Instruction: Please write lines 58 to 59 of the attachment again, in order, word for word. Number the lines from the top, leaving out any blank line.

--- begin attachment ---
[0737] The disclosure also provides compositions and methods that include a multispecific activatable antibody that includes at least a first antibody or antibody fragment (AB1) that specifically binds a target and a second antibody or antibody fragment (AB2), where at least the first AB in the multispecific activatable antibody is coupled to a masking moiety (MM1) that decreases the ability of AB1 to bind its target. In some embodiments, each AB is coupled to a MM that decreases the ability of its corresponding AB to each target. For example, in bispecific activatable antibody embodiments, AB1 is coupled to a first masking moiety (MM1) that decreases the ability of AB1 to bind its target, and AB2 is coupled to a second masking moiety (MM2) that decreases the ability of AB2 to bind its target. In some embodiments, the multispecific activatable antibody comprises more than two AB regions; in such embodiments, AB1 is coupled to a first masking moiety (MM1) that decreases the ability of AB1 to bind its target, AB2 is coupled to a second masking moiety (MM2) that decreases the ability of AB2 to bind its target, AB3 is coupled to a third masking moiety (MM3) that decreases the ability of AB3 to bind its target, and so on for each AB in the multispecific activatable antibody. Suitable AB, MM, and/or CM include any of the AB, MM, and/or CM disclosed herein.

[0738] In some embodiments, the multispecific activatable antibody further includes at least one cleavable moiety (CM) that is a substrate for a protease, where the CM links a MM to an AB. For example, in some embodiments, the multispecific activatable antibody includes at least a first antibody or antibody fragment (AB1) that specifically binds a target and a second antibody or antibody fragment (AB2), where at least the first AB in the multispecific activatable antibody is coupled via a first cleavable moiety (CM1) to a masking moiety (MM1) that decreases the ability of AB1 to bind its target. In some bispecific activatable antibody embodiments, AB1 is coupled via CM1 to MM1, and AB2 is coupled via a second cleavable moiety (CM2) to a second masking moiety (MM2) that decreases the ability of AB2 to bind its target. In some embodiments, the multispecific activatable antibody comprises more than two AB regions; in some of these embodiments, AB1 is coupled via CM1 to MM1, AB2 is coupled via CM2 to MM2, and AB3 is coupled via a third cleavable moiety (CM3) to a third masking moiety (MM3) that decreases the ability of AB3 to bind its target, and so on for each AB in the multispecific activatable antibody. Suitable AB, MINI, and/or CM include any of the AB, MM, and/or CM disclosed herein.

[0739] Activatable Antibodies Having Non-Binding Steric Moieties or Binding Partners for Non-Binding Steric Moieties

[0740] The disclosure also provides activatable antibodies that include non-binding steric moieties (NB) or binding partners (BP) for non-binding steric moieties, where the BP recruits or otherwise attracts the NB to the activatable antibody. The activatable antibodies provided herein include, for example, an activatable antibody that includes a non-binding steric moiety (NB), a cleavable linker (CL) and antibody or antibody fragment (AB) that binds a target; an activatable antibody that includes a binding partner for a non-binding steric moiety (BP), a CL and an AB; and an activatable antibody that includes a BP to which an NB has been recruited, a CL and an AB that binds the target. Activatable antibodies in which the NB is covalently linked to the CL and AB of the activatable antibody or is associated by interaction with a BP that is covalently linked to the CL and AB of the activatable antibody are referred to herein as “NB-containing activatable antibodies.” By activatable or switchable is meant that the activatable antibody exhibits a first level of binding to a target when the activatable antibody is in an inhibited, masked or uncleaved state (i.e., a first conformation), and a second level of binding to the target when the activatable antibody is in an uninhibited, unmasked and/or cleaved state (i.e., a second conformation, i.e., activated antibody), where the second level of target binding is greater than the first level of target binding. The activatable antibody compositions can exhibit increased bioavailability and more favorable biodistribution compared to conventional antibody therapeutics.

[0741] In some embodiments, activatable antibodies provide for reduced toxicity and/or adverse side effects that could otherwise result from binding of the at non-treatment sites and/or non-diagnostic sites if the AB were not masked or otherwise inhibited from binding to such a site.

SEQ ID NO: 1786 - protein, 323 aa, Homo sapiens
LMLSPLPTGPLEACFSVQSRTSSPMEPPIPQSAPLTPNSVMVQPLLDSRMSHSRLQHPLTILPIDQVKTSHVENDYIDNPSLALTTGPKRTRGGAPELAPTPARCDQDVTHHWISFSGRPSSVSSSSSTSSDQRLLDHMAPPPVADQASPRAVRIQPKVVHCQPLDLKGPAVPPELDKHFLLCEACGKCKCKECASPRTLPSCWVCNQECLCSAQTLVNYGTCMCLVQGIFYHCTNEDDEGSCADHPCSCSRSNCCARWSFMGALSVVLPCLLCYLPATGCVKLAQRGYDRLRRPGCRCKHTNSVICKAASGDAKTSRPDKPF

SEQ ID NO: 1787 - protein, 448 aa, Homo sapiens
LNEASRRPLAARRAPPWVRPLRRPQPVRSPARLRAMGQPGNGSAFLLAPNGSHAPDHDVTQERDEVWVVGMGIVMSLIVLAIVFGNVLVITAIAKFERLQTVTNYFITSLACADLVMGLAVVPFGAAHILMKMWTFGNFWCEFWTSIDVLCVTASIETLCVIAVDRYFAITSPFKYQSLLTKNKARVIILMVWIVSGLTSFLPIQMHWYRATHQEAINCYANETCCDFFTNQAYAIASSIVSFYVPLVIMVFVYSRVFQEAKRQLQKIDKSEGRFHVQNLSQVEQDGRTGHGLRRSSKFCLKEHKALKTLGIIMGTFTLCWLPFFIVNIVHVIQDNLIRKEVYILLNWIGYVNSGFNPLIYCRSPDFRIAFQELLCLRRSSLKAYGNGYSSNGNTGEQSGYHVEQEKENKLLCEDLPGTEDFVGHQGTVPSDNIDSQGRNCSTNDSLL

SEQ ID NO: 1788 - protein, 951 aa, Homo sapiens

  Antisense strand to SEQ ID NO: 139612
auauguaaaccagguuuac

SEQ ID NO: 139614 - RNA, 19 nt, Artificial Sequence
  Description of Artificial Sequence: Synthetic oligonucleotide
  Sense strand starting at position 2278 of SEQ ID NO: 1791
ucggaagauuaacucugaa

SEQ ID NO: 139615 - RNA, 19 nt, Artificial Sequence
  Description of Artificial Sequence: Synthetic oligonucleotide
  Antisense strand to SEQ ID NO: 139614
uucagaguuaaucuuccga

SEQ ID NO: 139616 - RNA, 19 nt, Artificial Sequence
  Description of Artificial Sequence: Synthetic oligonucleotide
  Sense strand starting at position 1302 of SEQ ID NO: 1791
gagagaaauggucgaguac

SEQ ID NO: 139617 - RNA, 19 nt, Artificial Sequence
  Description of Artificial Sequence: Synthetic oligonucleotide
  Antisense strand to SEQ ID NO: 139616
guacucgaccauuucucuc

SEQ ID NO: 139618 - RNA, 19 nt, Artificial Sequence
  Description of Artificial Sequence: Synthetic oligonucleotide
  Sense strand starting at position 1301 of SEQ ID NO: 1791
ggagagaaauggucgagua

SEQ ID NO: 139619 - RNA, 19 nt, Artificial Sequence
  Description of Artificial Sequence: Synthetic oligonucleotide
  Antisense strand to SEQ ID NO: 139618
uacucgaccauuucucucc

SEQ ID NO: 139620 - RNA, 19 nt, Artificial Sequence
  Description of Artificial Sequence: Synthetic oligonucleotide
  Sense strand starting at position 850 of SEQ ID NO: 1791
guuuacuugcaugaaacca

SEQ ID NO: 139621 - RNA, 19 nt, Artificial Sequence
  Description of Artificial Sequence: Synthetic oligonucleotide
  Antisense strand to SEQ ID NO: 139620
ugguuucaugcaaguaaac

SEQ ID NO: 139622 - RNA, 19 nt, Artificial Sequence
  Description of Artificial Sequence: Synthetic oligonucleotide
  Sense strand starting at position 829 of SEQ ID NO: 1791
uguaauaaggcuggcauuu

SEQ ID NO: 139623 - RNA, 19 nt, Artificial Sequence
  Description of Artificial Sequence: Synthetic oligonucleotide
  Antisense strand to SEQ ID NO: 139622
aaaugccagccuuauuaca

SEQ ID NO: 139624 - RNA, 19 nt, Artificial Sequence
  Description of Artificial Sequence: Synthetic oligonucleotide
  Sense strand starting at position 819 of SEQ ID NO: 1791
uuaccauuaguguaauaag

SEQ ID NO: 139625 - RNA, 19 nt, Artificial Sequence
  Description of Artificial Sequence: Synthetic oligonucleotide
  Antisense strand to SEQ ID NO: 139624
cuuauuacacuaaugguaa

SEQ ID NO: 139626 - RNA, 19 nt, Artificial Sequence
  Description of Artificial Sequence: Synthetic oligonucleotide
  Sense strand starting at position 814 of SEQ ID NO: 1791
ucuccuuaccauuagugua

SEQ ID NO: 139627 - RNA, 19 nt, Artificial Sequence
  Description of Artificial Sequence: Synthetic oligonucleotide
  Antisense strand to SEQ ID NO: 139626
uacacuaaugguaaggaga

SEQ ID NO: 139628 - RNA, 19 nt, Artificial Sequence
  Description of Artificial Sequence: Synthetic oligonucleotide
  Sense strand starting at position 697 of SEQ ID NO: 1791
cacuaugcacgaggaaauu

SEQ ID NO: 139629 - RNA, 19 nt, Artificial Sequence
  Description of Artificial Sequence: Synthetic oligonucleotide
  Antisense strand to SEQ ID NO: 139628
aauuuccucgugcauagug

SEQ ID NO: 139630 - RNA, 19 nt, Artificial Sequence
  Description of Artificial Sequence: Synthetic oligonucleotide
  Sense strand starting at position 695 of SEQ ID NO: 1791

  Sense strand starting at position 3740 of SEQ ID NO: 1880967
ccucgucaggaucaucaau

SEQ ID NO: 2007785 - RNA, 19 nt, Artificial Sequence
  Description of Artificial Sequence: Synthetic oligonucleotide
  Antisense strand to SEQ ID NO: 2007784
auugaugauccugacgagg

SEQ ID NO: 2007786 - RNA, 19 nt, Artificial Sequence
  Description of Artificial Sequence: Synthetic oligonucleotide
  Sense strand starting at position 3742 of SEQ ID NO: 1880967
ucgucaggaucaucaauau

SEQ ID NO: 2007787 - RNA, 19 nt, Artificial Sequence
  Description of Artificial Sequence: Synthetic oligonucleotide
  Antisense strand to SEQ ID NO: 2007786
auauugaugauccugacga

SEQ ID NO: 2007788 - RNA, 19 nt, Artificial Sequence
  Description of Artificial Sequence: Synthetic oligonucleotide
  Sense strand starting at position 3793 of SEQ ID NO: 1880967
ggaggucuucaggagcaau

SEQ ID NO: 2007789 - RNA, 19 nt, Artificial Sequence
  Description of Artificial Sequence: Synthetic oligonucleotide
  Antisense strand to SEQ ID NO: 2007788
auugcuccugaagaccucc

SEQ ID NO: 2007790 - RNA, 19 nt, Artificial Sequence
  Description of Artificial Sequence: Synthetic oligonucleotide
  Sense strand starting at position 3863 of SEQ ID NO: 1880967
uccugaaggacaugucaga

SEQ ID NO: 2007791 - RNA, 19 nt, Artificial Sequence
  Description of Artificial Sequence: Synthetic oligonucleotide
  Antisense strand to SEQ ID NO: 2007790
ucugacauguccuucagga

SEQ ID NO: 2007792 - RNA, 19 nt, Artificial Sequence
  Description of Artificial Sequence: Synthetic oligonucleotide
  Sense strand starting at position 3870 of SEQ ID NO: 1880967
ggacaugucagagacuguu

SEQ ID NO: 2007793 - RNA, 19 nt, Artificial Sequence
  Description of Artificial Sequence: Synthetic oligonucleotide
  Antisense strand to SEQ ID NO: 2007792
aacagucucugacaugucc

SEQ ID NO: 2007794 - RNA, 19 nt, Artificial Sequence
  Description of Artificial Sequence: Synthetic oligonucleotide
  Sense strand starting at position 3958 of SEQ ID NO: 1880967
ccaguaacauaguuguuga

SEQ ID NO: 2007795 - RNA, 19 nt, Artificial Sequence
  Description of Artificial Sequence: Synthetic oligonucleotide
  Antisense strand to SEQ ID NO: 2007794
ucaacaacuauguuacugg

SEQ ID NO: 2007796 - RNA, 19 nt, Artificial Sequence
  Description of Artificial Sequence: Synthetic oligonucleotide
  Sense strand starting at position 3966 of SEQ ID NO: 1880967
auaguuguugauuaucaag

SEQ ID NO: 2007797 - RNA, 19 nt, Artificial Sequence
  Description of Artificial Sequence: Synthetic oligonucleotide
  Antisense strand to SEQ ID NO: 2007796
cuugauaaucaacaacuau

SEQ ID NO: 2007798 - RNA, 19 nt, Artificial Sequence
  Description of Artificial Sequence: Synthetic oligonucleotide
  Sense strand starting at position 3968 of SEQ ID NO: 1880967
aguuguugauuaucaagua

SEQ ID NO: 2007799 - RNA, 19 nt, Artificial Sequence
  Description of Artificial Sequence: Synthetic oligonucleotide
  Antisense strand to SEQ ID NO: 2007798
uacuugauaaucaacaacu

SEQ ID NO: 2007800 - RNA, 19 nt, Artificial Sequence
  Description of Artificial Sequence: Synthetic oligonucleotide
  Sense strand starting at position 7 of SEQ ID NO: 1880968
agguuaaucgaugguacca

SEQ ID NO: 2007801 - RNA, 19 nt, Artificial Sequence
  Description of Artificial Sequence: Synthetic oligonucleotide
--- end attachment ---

  Description of Artificial Sequence: Synthetic oligonucleotide
  Antisense strand to SEQ ID NO: 139624